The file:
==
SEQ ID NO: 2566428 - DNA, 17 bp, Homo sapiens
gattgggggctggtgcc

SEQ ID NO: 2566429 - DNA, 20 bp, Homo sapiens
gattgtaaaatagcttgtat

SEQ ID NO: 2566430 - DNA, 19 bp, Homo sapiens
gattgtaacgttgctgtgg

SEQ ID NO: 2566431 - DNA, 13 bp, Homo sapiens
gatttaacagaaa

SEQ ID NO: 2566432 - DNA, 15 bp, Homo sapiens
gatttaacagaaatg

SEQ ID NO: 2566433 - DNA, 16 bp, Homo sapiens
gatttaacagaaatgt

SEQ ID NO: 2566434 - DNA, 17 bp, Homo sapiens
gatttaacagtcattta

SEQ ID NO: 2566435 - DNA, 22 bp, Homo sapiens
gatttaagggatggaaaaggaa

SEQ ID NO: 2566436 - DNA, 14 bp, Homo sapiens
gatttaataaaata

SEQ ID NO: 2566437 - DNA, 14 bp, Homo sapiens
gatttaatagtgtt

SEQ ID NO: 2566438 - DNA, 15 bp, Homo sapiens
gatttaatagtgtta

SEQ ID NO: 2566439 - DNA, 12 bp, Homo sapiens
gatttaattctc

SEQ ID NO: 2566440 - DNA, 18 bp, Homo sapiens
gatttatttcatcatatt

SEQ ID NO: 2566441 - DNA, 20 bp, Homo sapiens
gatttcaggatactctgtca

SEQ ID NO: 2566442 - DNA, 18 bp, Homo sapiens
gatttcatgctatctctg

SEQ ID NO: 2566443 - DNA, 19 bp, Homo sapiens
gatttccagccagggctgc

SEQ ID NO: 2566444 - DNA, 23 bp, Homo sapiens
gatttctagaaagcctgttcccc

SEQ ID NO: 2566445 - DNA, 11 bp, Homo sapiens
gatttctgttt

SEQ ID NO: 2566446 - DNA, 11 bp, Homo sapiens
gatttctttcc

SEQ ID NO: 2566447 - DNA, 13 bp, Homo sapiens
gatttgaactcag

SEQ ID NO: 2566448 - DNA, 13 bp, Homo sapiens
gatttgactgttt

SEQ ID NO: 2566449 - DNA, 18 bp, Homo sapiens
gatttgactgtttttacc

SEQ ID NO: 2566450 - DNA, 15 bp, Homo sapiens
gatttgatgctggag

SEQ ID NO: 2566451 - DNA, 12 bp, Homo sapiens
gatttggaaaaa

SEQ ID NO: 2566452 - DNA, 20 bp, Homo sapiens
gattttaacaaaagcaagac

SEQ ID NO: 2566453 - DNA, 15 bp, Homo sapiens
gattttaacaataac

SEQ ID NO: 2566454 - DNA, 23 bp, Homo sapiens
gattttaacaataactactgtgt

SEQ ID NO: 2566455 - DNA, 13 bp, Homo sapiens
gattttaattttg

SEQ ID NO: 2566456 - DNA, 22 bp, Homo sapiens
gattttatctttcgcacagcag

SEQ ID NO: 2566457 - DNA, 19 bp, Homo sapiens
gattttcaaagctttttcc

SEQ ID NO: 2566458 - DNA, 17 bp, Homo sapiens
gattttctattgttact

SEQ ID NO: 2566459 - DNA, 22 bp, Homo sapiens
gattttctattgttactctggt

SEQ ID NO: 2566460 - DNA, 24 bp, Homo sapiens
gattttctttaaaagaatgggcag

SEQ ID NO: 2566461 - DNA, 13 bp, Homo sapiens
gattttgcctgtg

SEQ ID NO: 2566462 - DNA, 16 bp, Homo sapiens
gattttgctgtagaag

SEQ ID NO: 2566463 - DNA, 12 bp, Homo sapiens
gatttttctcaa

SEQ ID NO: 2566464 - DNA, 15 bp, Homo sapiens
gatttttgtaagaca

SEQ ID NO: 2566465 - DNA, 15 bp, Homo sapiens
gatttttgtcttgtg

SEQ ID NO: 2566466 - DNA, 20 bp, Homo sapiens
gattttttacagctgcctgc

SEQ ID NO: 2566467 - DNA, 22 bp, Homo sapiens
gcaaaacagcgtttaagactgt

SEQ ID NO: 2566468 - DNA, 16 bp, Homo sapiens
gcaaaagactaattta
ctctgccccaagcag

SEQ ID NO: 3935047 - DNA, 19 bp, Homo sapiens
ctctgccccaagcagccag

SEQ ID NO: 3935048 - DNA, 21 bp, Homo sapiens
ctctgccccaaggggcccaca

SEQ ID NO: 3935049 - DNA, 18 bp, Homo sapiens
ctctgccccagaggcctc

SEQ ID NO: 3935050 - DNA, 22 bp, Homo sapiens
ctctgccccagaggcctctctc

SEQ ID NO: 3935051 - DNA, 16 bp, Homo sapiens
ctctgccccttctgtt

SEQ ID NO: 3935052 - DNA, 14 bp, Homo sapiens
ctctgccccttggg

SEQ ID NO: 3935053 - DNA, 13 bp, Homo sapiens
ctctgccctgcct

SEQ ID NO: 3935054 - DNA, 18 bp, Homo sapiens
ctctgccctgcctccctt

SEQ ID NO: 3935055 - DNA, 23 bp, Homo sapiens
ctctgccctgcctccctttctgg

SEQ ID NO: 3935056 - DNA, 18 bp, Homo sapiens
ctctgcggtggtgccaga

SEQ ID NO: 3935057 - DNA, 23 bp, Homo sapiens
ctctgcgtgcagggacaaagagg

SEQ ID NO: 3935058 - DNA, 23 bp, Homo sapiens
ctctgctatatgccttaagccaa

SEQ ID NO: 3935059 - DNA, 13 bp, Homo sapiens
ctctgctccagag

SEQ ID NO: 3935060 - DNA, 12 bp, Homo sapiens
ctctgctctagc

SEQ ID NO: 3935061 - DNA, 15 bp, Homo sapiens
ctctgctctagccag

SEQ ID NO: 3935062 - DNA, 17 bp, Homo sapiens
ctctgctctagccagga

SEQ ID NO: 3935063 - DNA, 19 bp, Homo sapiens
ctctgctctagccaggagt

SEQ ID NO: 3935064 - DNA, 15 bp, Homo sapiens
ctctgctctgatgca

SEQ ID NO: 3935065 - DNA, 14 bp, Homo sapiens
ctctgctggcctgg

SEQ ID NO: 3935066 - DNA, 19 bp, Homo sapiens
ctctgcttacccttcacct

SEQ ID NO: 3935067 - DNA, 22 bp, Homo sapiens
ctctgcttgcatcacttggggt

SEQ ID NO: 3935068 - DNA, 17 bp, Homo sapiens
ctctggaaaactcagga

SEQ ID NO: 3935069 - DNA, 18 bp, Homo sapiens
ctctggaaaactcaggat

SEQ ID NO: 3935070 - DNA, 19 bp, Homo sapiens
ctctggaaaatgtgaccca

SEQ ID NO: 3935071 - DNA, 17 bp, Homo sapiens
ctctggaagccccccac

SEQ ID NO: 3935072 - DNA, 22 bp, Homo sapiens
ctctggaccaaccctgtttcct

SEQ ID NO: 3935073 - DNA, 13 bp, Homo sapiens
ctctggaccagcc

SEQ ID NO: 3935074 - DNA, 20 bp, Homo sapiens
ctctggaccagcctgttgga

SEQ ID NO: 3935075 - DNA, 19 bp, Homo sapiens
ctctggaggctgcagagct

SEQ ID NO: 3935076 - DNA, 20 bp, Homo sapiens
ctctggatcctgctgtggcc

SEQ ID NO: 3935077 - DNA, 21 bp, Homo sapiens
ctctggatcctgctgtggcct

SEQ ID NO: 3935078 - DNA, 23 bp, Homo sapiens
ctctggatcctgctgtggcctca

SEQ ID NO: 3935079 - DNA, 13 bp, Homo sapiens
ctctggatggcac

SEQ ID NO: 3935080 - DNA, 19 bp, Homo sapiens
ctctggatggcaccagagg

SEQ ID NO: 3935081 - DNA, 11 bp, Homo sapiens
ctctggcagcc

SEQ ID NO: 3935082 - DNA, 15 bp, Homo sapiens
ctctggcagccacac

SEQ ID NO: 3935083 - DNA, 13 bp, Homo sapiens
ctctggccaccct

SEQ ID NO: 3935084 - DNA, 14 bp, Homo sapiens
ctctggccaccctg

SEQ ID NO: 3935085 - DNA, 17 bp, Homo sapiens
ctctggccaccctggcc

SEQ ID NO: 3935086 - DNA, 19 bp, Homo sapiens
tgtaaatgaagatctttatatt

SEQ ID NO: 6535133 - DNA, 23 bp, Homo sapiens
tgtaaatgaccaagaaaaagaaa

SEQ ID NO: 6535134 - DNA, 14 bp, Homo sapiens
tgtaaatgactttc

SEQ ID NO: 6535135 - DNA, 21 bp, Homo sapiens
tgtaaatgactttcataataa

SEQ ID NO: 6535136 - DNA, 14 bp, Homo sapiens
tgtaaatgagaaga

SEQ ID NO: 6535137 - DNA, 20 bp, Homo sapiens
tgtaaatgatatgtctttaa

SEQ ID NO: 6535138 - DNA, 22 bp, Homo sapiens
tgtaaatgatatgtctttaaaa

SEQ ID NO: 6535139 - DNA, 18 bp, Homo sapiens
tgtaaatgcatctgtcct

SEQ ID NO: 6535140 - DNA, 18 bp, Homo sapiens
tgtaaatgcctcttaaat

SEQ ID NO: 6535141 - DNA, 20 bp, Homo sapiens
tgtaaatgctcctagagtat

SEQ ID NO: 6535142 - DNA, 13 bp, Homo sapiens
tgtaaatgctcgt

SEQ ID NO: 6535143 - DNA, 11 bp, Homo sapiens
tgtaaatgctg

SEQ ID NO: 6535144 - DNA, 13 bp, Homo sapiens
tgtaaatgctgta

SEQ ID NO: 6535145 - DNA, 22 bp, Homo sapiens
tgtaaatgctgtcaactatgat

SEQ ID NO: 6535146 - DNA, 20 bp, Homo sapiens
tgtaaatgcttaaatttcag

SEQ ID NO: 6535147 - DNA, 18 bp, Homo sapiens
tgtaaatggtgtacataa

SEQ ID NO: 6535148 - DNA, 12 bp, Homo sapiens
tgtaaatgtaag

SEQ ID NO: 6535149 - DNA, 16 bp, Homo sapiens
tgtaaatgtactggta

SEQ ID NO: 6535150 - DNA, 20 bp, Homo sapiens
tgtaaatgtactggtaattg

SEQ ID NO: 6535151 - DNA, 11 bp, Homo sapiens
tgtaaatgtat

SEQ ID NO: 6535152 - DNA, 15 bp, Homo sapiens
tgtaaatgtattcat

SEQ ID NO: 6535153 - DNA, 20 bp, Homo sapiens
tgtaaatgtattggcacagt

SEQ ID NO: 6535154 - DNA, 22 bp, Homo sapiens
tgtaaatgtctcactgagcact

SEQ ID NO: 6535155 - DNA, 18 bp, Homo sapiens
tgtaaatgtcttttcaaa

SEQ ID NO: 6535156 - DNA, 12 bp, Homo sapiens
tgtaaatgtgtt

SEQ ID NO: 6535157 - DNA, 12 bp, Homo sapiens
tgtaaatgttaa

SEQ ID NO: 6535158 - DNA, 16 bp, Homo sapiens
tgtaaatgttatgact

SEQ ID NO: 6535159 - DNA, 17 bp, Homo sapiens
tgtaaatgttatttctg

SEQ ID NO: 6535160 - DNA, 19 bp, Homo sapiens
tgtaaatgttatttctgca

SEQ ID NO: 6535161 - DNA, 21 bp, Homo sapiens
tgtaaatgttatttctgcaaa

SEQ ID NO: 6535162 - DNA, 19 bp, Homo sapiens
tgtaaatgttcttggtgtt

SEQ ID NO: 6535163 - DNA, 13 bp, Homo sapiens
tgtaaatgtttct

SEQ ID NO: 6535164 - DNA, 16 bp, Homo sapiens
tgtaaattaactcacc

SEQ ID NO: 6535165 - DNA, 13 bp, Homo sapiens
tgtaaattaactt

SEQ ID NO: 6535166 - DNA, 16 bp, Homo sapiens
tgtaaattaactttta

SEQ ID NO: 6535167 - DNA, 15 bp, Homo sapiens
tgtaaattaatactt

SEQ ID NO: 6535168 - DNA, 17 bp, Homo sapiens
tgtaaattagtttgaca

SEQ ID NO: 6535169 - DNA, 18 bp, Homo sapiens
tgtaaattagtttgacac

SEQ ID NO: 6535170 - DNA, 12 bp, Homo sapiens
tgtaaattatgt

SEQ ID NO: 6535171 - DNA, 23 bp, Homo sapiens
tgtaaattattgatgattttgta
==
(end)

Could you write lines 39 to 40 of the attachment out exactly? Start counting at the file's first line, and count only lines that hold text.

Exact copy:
SEQ ID NO: 2566447 - DNA, 13 bp, Homo sapiens
gatttgaactcag